Briefing and conversations will be covered mostly via screenshots since they are basically just unvoiced talking heads, while missions will be recorded as videos including any post-mission scenes such as promotions/medals etc.

We'll cover various aspects of the game as we come across them, but in the meantime, let's begin with the intro video (well, I said there is no actual intro so it's mostly just the credits preceded by the famous Origin orchestra logo!).

With that done, let's get started.

Alright, looks like we are being dumped straight into a combat mission. Let's see...

So far, so good...


...that was quick.

Oh, it was just a simulator! Phew.

Like I said, at this point our character didn't have a name so this is just a fun way to get us to choose one, plus a callsign. We'll go with the canonical name here. You might think that Blair, being just a player avatar without specific personality (at least in this game, he gets one later) doesn't ever speak, kind of like Gordon Freeman--however, he does speak although he doesn't really say much. This is what he looks like (and hence why the Origin dev team nicknamed him "Bluehair"):

And here we are on "Tiger's Claw". There are a couple of locations we can visit, the first is the rec room that you see here. On the left side is the simulator that we saw and that you can use to practice; it's mostly useless as it only allows you to fly in the weakest fighter craft, so we won't be touching it any more. Between missions, you can talk to the bartender and to the other pilots that you will run into here.

Behind the table is the killboard, here we can see the number of missions we flew and enemies killed. Looks pretty sad right now, but this will change quickly. Unlike some of the later games (Prophecy), other pilots' scores won't be artificially inflated to keep up with us, so in just a few missions we should be able to take the first place. We'll be meeting these other people whose names are listed over the course of first couple of missions.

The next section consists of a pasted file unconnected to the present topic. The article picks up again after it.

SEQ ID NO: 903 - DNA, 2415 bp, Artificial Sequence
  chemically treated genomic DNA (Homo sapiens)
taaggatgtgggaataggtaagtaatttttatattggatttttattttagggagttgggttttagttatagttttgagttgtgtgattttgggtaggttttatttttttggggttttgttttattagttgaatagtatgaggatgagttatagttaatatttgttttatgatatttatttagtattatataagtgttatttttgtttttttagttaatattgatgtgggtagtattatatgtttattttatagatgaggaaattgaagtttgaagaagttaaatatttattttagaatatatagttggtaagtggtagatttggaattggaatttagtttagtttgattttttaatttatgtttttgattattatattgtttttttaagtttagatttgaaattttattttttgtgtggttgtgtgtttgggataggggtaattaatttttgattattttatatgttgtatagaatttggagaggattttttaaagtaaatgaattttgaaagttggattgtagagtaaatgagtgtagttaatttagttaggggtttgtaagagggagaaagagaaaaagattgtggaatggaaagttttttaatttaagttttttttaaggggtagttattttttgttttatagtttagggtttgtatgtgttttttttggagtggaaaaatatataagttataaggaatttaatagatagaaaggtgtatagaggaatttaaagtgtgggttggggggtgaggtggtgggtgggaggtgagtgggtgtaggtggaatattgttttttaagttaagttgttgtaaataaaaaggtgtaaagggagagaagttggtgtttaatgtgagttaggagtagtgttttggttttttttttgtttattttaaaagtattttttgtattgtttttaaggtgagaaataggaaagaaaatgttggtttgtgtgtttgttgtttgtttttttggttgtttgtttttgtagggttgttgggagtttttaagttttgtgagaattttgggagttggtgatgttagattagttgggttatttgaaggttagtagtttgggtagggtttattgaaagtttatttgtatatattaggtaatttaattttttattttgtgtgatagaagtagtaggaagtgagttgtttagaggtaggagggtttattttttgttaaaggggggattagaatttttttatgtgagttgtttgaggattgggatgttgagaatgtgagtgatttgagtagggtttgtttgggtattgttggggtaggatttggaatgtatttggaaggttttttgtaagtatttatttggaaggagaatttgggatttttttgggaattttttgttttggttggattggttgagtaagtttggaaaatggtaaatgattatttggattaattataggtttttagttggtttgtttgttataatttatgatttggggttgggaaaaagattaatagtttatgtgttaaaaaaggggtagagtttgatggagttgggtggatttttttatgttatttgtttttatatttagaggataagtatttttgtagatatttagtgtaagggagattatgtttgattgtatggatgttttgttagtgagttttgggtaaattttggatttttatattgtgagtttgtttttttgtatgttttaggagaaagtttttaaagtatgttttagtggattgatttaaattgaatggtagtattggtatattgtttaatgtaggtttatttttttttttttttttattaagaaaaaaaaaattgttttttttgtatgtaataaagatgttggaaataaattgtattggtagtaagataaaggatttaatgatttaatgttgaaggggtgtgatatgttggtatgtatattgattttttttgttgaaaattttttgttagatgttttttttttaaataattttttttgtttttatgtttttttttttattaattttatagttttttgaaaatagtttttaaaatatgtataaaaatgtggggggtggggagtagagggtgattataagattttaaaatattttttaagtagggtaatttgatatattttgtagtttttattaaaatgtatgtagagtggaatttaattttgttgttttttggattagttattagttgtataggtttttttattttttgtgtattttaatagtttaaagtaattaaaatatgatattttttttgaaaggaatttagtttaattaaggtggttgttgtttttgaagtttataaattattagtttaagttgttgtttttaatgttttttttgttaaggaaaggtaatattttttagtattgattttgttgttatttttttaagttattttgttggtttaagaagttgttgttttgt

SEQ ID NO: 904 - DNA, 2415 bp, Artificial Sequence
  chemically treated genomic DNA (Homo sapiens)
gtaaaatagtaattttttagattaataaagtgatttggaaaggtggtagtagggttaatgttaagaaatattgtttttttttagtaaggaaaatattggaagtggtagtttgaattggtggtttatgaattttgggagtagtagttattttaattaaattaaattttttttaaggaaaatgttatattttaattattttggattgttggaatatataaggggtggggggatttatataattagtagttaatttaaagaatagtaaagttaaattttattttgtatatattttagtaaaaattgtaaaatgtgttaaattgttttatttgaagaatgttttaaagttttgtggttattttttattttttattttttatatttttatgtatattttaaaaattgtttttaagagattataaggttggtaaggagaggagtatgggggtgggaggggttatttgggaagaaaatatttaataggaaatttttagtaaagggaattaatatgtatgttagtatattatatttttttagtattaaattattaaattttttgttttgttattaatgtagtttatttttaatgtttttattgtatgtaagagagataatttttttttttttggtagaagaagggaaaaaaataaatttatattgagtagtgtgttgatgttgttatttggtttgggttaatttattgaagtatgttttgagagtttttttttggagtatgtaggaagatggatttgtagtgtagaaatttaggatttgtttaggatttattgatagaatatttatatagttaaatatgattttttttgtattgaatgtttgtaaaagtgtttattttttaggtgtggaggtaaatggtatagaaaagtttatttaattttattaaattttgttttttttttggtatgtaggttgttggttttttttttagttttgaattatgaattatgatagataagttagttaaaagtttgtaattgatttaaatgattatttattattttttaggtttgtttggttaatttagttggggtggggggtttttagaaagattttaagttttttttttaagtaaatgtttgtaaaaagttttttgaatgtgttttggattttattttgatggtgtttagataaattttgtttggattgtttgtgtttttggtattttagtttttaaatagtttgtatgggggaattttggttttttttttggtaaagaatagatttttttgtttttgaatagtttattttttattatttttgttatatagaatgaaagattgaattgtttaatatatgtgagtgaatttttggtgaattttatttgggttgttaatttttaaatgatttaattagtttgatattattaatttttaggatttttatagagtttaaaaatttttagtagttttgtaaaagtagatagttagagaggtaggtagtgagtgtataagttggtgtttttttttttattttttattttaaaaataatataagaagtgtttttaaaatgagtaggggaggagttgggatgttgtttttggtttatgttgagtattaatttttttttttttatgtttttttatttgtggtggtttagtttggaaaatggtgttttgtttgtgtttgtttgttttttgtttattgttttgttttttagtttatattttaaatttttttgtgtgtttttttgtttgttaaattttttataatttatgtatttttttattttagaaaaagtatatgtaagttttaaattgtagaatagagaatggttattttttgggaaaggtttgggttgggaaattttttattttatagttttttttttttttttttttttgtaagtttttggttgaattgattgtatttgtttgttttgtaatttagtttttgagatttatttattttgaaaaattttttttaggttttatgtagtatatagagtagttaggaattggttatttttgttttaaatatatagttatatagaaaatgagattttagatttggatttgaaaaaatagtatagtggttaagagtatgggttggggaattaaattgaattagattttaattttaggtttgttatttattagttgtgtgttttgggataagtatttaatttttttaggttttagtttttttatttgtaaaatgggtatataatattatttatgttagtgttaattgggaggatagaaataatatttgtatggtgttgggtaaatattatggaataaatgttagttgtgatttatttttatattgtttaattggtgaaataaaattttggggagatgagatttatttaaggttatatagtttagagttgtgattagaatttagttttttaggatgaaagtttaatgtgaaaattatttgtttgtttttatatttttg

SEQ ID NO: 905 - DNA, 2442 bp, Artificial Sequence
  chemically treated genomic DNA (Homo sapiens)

If we take the door on the right we reach the somewhat grubby looking barracks. In an amusing touch, beds are actually saved games. When you save a game, a person appears in that bed. Game load function is actually called "awaken"! Hallway on the left gets us back to the rec room, the door in the middle with a red warning on it is airlock (exit to DOS) and the hallway on the right takes us to the briefing room so we can fly the next mission.

The lockers on the opposite wall allow us to see the date and location and also our rank and medals/ribbons that we have earned (more on all of this later). At the moment we have none (although we do have a couple of ribbons that we earned basically just for showing up here!)

Before we move on to the first mission, some details about our home carrier.

TCS Tiger's Claw

Class: Bengal - Strike Carrier
Length: 700 Meters
Mass: 80,000 tonnes
Max Velocity: 130 kps
Cruise Velocity: 100 kps
Acceleration: Poor
Maximum Yaw: 1 dps
Maximum Pitch: 1 dps
Maximum Roll: 1 dps
Weapons: Dual Laser Turrets (8x)
Shields: Fore: 21 cm equivalent; Aft: 21 cm equivalent.
Armour: Front: 24 cm; Right: 25 cm; Left: 25 cm; Rear: 20 cm.
Fighter Complement: 104

Links of interest:

Download the Wing Commander 1 game for free, LEGALLY, here: (it is available to download on that link with permission of EA!). Note though that it's the Kilrathi Saga version of the game so it requires Windows to run and cannot be used via DOSBox! Download is 121Mb as it includes the enhanced music which takes up most of that space.

Download the Secret Missions 1 and 2 expansions for free, also legally, here: Note: It requires the above Wing Commander base download to run, and as such is also Windows-only. Also, it needs some manual fiddling to install, the instructions are in the link and its comments.

Table of Contents

Note: missions 103-113 use a special version of DosBOX with built in Roland MT MIDI emulation and feature better quality music and sound effects!
Archive Index